A multi-day Kayaking Expedition on Doubtful Sound

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In contrast to the more famous, more accessible and busier Milford Sound, Doubtful Sound – deep in the heart of Fiordland National Park – is secluded, tranquil and remote.

What better way to experience the grandeur, size and scale of this rugged area of incredible natural beauty, dramatic landscapes and pristine wilderness, than paddling a tiny kayak; dwarfed by towering peaks rising steeply skyward from the depths of the fiord. Down sheer rock faces, hundreds of waterfalls plunge to the sea below, in a torrent or trickle, depending on how recently it has rained.

Go Orange (previously Fiordland Wilderness Experiences) provides guided sea kayaking trips from one to five days with a maximum capacity of eight people (in four double kayaks) plus a guide. Stu and I opted for three days to explore this remarkable region, allowing some flexibility should we strike unfavourable conditions.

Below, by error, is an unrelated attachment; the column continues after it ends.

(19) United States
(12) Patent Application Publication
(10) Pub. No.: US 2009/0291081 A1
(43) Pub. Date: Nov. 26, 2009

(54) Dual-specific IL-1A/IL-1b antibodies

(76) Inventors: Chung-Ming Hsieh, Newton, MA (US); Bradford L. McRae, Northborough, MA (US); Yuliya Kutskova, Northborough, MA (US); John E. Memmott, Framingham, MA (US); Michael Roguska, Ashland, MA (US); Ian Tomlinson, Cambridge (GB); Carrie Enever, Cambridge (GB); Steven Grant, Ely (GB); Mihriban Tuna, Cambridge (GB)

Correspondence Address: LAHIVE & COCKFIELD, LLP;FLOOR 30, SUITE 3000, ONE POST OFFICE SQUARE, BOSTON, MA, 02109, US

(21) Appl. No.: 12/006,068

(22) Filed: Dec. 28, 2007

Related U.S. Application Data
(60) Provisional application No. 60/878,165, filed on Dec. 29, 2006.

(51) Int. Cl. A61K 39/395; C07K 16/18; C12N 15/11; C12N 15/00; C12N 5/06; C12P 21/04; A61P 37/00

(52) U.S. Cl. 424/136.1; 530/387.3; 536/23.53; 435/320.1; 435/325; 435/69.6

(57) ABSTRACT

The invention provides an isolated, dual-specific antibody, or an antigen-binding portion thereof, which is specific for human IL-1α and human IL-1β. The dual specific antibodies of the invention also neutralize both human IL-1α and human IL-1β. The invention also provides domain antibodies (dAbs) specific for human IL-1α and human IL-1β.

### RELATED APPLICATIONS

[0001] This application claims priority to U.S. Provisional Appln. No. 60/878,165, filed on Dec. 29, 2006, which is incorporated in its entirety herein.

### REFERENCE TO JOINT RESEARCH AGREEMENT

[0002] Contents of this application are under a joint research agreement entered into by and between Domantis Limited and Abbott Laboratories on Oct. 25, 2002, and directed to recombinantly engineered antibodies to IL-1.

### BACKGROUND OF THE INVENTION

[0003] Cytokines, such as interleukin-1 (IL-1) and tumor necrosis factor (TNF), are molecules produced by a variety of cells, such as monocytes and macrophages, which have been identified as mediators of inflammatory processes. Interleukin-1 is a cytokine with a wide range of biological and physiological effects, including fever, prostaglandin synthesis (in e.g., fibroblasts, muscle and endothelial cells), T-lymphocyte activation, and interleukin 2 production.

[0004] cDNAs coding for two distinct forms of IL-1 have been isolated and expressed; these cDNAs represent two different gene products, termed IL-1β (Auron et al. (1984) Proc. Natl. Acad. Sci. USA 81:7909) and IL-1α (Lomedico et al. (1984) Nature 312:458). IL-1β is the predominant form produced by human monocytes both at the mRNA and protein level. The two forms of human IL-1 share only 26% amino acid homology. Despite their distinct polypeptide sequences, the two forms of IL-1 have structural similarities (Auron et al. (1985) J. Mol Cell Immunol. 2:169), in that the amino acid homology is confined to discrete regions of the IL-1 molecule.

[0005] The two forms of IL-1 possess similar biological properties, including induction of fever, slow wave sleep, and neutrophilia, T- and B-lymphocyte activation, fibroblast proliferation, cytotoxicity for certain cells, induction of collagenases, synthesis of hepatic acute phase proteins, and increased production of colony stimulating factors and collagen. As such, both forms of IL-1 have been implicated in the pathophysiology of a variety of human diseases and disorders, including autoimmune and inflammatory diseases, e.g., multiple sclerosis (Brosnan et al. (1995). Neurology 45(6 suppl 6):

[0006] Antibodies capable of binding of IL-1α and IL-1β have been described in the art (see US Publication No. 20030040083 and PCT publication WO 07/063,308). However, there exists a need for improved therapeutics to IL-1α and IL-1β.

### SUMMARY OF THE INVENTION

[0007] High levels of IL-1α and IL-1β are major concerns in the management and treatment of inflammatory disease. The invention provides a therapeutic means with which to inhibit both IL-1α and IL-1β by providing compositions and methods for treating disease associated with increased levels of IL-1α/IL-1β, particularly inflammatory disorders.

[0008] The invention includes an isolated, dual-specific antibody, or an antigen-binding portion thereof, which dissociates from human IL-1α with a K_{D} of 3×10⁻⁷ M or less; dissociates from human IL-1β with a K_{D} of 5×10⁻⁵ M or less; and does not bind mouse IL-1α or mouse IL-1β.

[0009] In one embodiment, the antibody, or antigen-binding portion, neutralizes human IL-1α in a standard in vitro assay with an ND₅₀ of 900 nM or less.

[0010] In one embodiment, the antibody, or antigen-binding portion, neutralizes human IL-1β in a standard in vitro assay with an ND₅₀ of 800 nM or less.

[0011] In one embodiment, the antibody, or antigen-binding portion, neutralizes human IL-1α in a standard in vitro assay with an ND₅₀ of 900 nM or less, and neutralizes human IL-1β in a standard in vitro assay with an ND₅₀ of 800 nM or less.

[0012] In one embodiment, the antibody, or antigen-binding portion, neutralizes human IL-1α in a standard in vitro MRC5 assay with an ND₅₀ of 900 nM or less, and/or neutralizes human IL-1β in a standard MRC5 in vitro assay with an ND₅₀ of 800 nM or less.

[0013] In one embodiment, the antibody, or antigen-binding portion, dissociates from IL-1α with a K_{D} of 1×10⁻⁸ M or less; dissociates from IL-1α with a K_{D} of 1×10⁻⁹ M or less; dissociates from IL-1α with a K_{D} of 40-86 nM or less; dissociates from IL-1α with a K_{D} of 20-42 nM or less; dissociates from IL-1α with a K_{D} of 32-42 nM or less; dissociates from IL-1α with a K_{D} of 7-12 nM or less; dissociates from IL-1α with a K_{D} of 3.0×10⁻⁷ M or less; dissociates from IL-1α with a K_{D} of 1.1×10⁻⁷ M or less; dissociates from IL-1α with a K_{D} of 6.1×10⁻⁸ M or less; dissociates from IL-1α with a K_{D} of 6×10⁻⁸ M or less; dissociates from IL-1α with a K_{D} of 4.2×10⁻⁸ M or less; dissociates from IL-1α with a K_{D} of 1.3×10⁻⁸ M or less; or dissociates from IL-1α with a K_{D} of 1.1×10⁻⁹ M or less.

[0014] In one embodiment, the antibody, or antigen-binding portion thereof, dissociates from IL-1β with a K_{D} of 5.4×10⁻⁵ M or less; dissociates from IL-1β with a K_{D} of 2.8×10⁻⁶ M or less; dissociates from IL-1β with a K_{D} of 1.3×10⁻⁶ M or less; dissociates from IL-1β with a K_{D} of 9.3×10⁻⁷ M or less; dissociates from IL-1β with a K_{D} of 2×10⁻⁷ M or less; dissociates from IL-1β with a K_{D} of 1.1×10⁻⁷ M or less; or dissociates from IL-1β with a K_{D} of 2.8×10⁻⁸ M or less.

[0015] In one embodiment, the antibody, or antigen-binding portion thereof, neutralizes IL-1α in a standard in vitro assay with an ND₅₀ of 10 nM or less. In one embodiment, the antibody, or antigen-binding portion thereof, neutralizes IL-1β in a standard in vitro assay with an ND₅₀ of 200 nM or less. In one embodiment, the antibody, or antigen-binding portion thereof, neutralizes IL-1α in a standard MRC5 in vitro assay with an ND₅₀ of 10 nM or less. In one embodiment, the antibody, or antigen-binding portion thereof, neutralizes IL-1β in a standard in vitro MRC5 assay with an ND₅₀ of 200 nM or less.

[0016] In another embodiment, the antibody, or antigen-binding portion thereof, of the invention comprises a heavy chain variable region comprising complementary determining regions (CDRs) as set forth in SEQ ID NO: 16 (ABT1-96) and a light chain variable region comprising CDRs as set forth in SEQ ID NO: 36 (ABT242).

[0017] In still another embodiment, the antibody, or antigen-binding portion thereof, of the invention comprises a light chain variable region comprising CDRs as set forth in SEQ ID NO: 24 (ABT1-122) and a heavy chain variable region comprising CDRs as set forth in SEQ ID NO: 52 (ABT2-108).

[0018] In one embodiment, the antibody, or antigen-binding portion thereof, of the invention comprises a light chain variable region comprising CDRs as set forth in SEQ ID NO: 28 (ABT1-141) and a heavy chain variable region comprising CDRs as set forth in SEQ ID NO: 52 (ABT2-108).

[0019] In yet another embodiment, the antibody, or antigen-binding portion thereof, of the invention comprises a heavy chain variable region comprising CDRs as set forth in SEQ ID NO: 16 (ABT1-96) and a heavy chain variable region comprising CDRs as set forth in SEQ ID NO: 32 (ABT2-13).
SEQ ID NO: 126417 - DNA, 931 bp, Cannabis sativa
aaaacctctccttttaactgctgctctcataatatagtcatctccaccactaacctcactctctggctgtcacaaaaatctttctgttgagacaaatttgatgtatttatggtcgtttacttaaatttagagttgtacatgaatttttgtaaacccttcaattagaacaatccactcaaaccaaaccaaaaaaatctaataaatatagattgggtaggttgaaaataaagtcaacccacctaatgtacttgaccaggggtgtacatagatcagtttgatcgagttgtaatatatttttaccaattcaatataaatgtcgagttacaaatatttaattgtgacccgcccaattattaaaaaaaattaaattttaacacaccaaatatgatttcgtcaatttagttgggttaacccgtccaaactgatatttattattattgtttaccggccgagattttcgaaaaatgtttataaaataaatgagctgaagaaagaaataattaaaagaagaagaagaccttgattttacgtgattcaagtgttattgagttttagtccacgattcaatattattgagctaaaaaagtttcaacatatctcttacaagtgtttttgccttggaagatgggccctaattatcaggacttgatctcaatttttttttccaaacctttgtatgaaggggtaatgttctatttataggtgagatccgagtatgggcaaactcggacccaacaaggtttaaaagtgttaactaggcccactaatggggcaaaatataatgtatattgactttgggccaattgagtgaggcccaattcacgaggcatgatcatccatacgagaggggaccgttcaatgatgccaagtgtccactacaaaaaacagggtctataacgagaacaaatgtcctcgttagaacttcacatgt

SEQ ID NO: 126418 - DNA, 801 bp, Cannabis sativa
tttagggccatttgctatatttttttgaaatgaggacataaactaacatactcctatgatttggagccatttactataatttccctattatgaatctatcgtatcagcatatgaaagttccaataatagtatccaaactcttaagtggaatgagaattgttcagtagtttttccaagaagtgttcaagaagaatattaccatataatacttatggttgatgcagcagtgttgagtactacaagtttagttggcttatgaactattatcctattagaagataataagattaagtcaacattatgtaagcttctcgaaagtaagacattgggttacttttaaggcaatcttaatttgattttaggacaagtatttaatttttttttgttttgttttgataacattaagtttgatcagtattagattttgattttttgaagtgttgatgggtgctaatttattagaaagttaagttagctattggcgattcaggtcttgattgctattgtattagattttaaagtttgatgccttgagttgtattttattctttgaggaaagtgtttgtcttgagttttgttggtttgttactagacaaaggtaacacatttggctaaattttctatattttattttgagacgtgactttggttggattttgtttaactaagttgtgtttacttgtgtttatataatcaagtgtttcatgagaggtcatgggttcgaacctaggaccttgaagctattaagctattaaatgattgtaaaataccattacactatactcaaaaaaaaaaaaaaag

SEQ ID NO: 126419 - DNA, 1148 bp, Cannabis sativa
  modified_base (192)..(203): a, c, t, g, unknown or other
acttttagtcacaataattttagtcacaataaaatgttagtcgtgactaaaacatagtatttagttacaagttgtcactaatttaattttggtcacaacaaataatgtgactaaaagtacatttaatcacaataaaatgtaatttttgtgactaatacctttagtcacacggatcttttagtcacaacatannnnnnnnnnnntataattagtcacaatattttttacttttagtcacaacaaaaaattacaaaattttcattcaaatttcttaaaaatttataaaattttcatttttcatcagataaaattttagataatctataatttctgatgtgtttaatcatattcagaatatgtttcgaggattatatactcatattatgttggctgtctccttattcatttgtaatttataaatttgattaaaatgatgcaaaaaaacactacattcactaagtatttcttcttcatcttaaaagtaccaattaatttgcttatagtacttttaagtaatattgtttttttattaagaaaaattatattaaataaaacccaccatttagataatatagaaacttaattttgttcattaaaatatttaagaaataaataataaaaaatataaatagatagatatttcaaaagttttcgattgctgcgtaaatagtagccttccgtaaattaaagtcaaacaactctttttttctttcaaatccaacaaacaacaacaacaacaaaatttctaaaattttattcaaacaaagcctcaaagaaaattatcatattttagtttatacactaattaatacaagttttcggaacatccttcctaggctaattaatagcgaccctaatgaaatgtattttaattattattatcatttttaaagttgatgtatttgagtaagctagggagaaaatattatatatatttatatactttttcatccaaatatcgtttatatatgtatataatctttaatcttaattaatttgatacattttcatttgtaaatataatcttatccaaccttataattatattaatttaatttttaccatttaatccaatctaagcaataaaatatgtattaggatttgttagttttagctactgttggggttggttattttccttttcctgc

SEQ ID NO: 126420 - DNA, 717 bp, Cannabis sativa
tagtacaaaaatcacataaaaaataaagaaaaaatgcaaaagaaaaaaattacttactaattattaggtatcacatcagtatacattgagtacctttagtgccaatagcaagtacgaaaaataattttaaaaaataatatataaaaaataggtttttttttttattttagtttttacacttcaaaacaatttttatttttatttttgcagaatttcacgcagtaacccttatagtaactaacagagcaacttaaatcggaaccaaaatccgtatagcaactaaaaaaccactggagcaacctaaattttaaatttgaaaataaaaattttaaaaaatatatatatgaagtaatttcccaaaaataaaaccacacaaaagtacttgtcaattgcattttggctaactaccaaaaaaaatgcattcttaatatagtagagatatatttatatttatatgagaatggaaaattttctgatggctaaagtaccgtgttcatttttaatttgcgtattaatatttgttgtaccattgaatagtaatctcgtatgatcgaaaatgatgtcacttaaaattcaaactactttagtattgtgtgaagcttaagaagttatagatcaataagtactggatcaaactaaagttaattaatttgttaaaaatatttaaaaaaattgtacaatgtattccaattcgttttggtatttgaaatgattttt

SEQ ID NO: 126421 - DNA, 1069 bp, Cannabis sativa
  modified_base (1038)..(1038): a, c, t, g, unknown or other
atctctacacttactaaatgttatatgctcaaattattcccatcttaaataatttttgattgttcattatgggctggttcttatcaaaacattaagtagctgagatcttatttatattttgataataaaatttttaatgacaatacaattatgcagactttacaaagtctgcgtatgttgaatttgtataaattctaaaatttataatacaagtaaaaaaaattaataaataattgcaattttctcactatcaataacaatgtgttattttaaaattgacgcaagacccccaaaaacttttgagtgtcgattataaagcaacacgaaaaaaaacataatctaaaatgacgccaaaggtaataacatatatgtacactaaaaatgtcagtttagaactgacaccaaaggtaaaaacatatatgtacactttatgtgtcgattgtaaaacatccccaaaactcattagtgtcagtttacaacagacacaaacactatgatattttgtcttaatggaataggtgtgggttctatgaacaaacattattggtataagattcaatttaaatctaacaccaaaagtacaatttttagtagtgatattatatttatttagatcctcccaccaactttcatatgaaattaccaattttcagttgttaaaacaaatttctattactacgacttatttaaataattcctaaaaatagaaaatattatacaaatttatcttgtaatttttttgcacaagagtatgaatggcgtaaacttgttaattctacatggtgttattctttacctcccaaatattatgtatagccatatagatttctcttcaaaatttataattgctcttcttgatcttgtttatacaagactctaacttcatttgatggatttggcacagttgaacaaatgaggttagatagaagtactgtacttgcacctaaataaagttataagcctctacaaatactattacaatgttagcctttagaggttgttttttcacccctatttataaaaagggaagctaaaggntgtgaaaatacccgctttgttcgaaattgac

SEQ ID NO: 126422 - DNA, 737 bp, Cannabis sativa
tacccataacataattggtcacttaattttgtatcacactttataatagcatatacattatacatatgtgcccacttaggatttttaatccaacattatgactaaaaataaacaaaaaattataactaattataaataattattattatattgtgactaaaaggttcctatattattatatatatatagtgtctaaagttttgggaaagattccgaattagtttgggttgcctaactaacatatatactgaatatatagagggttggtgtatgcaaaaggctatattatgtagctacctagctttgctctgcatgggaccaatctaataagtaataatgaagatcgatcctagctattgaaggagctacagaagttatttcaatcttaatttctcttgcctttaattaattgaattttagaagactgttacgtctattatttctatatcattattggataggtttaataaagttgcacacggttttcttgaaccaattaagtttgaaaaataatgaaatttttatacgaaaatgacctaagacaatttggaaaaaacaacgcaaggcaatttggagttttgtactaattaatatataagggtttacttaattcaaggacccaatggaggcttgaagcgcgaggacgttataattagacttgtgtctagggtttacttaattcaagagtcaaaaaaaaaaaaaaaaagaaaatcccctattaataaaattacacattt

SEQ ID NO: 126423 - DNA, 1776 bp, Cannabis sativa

Previous paddling experience is preferable, although not essential, however you need a reasonable level of fitness to manage 4-6 hours paddling each day. Our group of Australians, Swiss and Kiwis ranged in age from early 20s to mid-60s, with varying levels of experience and one complete novice.

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Stay alert! Looking nonchalant, but ready to swoop at any moment

 

Prior to departure, a briefing covered safety and paddling techniques, and we were kitted out with warm, waterproof outer layers. Just getting to the starting point at Deep Cove is an adventure.  Twenty minutes’ drive from Te Anau you reach the shores of Lake Manapouri – the ensuing boat cruise across the lake at dawn on a still, misty morning was magical and an opportunity to get to know our paddling companions.

On the western side of the lake, near the Manapouri Power Project, we board a bus for the journey to Deep Cove. Turn your back for a minute and cheeky keas swoop in to attack your luggage, while pesky sandflies are ever present.

Previously a walking track, Wilmot Pass is a 21km sub-alpine road through dense rain forest over the Southern Alps. It was constructed to transport heavy machinery and equipment, shipped into Doubtful Sound for the Manapouri Hydroelectricity project. Commencing in 1963 it took two years to build a road capable of withstanding loads of up to 97 tonnes, and while supplies can be ferried across Lake Manapouri, Wilmot Pass is still the only way to get heavy equipment to the power project. A quick stop at the 671m summit gave us our first peek over Doubtful Sound, sparkling in the distance.